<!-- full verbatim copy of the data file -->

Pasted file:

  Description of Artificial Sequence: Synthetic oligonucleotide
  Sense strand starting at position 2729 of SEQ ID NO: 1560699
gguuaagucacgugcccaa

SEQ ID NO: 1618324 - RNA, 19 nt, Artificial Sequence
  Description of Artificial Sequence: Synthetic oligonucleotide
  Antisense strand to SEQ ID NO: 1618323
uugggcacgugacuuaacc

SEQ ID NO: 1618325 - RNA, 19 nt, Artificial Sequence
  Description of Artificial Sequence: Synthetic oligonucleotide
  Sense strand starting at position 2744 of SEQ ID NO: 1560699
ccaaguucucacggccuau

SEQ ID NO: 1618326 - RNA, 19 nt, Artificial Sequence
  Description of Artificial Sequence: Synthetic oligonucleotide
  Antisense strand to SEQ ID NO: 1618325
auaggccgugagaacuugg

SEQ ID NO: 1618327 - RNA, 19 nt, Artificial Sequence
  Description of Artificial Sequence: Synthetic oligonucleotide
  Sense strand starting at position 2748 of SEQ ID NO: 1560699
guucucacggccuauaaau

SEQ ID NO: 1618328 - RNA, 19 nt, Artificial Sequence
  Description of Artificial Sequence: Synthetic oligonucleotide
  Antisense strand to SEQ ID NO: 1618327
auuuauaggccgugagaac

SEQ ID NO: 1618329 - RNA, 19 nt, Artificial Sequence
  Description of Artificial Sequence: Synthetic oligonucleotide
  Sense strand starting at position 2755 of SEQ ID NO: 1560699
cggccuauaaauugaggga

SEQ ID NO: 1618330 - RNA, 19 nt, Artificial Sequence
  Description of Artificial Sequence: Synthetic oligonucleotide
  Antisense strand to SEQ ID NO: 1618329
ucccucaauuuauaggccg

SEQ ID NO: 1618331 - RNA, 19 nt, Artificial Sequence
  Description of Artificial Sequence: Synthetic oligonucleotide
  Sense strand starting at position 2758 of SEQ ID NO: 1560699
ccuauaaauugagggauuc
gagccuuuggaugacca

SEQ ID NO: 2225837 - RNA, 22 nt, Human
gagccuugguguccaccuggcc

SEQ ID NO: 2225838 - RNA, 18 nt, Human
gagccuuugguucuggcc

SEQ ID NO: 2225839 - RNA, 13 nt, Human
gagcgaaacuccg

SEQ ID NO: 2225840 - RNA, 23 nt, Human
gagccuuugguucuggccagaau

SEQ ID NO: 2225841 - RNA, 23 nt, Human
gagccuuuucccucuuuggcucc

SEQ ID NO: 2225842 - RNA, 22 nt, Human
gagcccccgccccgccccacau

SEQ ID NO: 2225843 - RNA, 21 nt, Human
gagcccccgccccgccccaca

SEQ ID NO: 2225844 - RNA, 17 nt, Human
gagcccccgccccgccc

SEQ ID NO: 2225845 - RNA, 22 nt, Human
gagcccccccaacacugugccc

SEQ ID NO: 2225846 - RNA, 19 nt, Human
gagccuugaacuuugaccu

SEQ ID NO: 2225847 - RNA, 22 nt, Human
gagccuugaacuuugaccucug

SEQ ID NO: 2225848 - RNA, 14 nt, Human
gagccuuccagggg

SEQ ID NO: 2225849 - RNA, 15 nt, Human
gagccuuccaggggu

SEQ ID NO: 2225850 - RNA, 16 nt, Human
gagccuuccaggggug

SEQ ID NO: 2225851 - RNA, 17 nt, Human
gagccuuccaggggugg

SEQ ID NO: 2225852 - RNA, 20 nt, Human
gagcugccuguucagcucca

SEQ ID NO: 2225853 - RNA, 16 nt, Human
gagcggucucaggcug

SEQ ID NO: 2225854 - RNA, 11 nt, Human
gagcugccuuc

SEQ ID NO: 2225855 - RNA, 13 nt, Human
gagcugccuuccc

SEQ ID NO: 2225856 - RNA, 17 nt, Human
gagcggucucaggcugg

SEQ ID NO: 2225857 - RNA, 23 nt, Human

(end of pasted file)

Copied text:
  Description of Artificial Sequence: Synthetic oligonucleotide
  Sense strand starting at position 2729 of SEQ ID NO: 1560699
gguuaagucacgugcccaa

SEQ ID NO: 1618324 - RNA, 19 nt, Artificial Sequence
  Description of Artificial Sequence: Synthetic oligonucleotide
  Antisense strand to SEQ ID NO: 1618323
uugggcacgugacuuaacc

SEQ ID NO: 1618325 - RNA, 19 nt, Artificial Sequence
  Description of Artificial Sequence: Synthetic oligonucleotide
  Sense strand starting at position 2744 of SEQ ID NO: 1560699
ccaaguucucacggccuau

SEQ ID NO: 1618326 - RNA, 19 nt, Artificial Sequence
  Description of Artificial Sequence: Synthetic oligonucleotide
  Antisense strand to SEQ ID NO: 1618325
auaggccgugagaacuugg

SEQ ID NO: 1618327 - RNA, 19 nt, Artificial Sequence
  Description of Artificial Sequence: Synthetic oligonucleotide
  Sense strand starting at position 2748 of SEQ ID NO: 1560699
guucucacggccuauaaau

SEQ ID NO: 1618328 - RNA, 19 nt, Artificial Sequence
  Description of Artificial Sequence: Synthetic oligonucleotide
  Antisense strand to SEQ ID NO: 1618327
auuuauaggccgugagaac

SEQ ID NO: 1618329 - RNA, 19 nt, Artificial Sequence
  Description of Artificial Sequence: Synthetic oligonucleotide
  Sense strand starting at position 2755 of SEQ ID NO: 1560699
cggccuauaaauugaggga

SEQ ID NO: 1618330 - RNA, 19 nt, Artificial Sequence
  Description of Artificial Sequence: Synthetic oligonucleotide
  Antisense strand to SEQ ID NO: 1618329
ucccucaauuuauaggccg

SEQ ID NO: 1618331 - RNA, 19 nt, Artificial Sequence
  Description of Artificial Sequence: Synthetic oligonucleotide
  Sense strand starting at position 2758 of SEQ ID NO: 1560699
ccuauaaauugagggauuc
gagccuuuggaugacca

SEQ ID NO: 2225837 - RNA, 22 nt, Human
gagccuugguguccaccuggcc

SEQ ID NO: 2225838 - RNA, 18 nt, Human
gagccuuugguucuggcc

SEQ ID NO: 2225839 - RNA, 13 nt, Human
gagcgaaacuccg

SEQ ID NO: 2225840 - RNA, 23 nt, Human
gagccuuugguucuggccagaau

SEQ ID NO: 2225841 - RNA, 23 nt, Human
gagccuuuucccucuuuggcucc

SEQ ID NO: 2225842 - RNA, 22 nt, Human
gagcccccgccccgccccacau

SEQ ID NO: 2225843 - RNA, 21 nt, Human
gagcccccgccccgccccaca

SEQ ID NO: 2225844 - RNA, 17 nt, Human
gagcccccgccccgccc

SEQ ID NO: 2225845 - RNA, 22 nt, Human
gagcccccccaacacugugccc

SEQ ID NO: 2225846 - RNA, 19 nt, Human
gagccuugaacuuugaccu

SEQ ID NO: 2225847 - RNA, 22 nt, Human
gagccuugaacuuugaccucug

SEQ ID NO: 2225848 - RNA, 14 nt, Human
gagccuuccagggg

SEQ ID NO: 2225849 - RNA, 15 nt, Human
gagccuuccaggggu

SEQ ID NO: 2225850 - RNA, 16 nt, Human
gagccuuccaggggug

SEQ ID NO: 2225851 - RNA, 17 nt, Human
gagccuuccaggggugg

SEQ ID NO: 2225852 - RNA, 20 nt, Human
gagcugccuguucagcucca

SEQ ID NO: 2225853 - RNA, 16 nt, Human
gagcggucucaggcug

SEQ ID NO: 2225854 - RNA, 11 nt, Human
gagcugccuuc

SEQ ID NO: 2225855 - RNA, 13 nt, Human
gagcugccuuccc

SEQ ID NO: 2225856 - RNA, 17 nt, Human
gagcggucucaggcugg

SEQ ID NO: 2225857 - RNA, 23 nt, Human